“I thought in some areas, we matched them,” Glisson said. “Of course we didn’t in the turnover battle. But we’re kind of past the point of moral victories. We’re looking to come play, and every time we get on the field we feel like we’ve got a chance. But there were a lot of bright spots. I thought we did some really good things scheme-wise that gave them some issues.”
Troup’s other regular-season loss came to Cedartown.
The Tigers won their first seven games, but they ended up losing 21-18, and that setback ultimately cost them a chance to finish second in the region and host a playoff game.
Nonetheless, Troup heads into the playoffs with confidence with an offense that can score on any play and a defense that has found its form.
Offensively, it begins with Montez Crowe, who has been one of the state’s top quarterbacks this season.
Crowe has more than 3,200 passing yards in 10 games with 35 touchdowns.
Crowe did throw four interceptions against Cartersville, but he has nonetheless had a remarkable season.
“He has 3,300 yards and 35 touchdowns,” Glisson said. “Let’s go with him. He can be in a foxhole with me anytime.”
Jamari Thrash has 45 catches for 1,105 yards with 13 touchdowns, making him one of the most productive wide receivers in the state.
Kobe Hudson has also been getting it done with 35 catches for 742 yards with 12 touchdowns.
Ja’Rell Smith has 18 catches for 281 yards, Mark-Anthony Dixon has 16 catches for 438 yards, and tight end Kenly Bridwell has 24 receptions for 390 yards.
In the running game, Tyree Carlisle leads the way with 70 carries for 385 yards, and he has also caught 17 passes for 287 yards.
Defensively, Glisson feels the team has made tremendous progress as the season has gone along.
“I’ve been thinking for a while now that our defense has been hitting its stride,” Glisson said. “If we came take another step this week, and keep stepping forward, we can actually have a pretty good defense before this thing is over.”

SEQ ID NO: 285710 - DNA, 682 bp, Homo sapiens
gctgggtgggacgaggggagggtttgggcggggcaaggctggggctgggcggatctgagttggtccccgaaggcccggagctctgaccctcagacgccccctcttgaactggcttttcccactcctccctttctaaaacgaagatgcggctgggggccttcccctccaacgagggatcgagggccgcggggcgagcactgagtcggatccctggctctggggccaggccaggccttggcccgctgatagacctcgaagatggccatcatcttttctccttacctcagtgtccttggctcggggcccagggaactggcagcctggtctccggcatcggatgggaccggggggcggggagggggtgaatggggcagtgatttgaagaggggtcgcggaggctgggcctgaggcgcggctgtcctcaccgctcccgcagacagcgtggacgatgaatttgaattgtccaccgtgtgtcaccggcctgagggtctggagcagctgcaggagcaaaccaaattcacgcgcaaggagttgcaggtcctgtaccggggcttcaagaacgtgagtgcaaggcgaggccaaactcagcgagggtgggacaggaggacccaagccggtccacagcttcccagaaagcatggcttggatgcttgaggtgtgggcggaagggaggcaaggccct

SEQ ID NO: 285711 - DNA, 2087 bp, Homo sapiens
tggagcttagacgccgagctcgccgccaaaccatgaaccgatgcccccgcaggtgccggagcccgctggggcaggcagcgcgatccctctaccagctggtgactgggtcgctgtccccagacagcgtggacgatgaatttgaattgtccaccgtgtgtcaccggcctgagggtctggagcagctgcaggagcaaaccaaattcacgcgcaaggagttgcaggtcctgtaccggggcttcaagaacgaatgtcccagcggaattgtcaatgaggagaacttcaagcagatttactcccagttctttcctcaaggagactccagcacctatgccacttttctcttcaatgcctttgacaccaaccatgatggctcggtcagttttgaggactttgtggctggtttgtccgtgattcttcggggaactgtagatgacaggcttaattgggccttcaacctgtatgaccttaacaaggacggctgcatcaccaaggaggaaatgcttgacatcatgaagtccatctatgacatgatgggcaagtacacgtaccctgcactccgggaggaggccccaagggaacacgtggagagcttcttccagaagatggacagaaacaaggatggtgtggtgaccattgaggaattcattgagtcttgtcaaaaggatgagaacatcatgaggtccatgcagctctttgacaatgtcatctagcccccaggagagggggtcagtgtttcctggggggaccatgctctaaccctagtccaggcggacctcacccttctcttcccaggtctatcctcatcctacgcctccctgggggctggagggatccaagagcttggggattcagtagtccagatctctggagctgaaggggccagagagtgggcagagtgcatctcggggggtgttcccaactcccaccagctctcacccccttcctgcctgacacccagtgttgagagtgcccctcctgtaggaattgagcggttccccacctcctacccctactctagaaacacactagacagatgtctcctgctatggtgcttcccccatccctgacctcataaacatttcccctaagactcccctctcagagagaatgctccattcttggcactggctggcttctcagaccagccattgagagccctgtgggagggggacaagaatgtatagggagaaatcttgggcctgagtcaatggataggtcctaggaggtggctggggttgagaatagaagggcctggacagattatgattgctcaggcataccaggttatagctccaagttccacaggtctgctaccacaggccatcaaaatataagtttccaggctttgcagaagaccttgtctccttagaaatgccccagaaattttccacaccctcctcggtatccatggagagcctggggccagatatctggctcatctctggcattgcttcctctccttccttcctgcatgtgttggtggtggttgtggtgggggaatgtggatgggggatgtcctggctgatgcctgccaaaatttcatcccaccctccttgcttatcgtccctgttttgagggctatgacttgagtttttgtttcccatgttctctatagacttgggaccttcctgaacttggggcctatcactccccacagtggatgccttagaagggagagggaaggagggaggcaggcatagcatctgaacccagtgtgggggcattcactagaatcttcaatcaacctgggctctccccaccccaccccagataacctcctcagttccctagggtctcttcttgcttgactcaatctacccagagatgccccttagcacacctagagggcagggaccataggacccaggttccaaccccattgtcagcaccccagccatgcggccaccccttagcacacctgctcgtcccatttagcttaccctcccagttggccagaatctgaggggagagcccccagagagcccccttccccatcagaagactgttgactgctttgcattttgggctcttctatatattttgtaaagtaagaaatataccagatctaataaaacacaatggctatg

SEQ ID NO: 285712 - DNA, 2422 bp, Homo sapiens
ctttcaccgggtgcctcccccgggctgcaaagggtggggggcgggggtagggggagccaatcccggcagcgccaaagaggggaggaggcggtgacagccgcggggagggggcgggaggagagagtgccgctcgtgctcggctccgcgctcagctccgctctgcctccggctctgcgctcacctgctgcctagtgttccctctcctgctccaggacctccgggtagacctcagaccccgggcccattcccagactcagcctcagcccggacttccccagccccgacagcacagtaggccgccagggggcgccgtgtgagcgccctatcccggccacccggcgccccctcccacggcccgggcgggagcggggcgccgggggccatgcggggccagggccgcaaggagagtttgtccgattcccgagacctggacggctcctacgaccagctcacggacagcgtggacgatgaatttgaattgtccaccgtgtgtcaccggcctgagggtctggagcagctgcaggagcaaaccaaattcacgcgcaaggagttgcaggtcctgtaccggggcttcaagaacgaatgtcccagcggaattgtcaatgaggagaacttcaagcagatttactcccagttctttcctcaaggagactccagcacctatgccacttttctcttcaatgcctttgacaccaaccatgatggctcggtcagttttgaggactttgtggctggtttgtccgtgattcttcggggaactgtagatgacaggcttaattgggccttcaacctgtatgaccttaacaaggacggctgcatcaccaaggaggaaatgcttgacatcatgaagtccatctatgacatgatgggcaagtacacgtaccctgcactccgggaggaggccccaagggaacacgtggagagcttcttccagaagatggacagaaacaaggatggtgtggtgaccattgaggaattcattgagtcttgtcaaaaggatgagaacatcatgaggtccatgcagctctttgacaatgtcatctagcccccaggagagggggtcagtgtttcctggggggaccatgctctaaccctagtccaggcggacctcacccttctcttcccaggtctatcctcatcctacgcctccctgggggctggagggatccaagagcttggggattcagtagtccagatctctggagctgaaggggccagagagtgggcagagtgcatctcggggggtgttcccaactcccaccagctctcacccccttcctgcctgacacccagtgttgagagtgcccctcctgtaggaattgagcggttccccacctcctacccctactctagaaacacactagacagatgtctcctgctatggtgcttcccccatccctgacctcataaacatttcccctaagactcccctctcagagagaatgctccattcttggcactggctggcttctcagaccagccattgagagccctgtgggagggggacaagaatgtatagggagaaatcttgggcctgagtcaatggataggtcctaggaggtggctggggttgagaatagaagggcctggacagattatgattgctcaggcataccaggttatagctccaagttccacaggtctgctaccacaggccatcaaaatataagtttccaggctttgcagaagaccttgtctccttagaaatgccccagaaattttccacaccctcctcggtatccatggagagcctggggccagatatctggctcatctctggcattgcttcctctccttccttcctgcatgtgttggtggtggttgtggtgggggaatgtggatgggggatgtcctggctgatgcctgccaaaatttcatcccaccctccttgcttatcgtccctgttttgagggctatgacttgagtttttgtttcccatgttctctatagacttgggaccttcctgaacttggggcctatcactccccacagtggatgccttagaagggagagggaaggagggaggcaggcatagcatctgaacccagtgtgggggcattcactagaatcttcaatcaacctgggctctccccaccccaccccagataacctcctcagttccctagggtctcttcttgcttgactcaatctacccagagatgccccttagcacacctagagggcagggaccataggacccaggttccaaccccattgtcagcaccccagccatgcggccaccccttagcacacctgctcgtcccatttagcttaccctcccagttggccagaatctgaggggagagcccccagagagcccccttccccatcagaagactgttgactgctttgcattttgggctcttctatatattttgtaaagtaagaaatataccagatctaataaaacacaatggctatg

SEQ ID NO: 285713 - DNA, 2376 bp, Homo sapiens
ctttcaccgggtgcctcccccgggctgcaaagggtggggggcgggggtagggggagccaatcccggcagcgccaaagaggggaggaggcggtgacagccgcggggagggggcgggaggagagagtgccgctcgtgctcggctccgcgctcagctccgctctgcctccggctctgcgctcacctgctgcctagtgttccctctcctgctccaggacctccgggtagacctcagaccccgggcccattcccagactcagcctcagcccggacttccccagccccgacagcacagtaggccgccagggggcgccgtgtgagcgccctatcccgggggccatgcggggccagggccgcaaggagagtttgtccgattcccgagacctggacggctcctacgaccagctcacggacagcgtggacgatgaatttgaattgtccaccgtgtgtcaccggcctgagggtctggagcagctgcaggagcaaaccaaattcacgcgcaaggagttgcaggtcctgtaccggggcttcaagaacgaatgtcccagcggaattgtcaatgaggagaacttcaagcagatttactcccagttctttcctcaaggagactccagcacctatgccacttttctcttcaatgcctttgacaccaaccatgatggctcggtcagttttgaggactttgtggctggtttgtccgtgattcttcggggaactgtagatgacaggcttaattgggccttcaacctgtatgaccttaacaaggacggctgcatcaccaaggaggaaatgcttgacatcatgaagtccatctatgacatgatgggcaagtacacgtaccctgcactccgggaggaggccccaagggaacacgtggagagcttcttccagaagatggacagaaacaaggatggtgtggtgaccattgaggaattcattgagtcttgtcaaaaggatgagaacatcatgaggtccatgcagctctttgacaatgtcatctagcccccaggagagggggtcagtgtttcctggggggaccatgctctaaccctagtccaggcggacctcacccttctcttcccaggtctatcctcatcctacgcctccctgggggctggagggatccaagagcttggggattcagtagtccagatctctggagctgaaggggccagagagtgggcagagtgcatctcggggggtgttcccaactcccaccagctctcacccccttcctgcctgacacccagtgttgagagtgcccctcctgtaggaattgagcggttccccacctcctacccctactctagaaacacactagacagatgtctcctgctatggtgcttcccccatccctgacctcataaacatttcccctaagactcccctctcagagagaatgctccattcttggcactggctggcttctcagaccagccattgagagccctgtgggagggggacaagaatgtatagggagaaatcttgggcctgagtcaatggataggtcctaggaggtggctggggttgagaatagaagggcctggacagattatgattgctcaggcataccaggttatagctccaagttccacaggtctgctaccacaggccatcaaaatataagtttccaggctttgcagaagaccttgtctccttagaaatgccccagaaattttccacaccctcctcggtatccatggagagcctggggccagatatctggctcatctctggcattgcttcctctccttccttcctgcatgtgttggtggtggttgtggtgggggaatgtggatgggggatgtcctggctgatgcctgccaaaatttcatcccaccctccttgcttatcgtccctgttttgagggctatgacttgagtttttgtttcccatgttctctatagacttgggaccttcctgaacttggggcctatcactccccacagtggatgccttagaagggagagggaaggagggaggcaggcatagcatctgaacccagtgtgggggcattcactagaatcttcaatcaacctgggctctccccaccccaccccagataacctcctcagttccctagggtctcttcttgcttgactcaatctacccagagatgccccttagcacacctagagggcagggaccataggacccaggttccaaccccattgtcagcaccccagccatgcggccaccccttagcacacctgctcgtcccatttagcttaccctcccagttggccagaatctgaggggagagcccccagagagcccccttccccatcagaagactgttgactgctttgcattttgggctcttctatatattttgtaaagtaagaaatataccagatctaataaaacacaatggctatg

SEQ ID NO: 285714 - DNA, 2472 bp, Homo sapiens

Linebacker Joko Willis has 97 tackles to lead the team, and fellow linebackers Kevin Martin Jatavian Smith have 76 and 66 tackles, respectively.
Willis also has five sacks and three forced fumbles.
Among the defensive linemen, King Mwikuta leads the way with 42 tackles, and he’s tops on the team with seven sacks.
Defensive lineman Andy Boykin has 30 tackles with three sacks, and senior defensive back MaCenta Stafford has 53 tackles.
In the special-teams department, Carson Wreyford handles the place-kicking and punting duties for Troup, and he has been terrific in both roles.
Troup’s defense will try to slow down a Heritage offense that has been putting up big numbers.
Heritage, which closed the regular season with a 49-21 win over Pickens County last week that wrapped up the number two seed, averages 47 points per game.
Senior Blake Bryan headlines Heritage’s offense.
Bryan has completed 115-of-172 passes for 1,778 yards with 27 touchdowns, and he has also run for 311 yards with five touchdowns.
Luke Grant has 53 catches for 960 yards with 15 touchdowns, and Ryan Carter has 31 receptions for 488 yards and eight touchdowns.
In the ground game, Jeffrey Curtis has 62 carries for 410 yards with six touchdowns.
It’s a game that features two talented, capable teams, but only one of them will still be standing around 10 p.m. on Friday.
“It’s a good time of the year,” Glisson said. “You can smell it. There’s a little bit of urgency, so we’re excited about it.”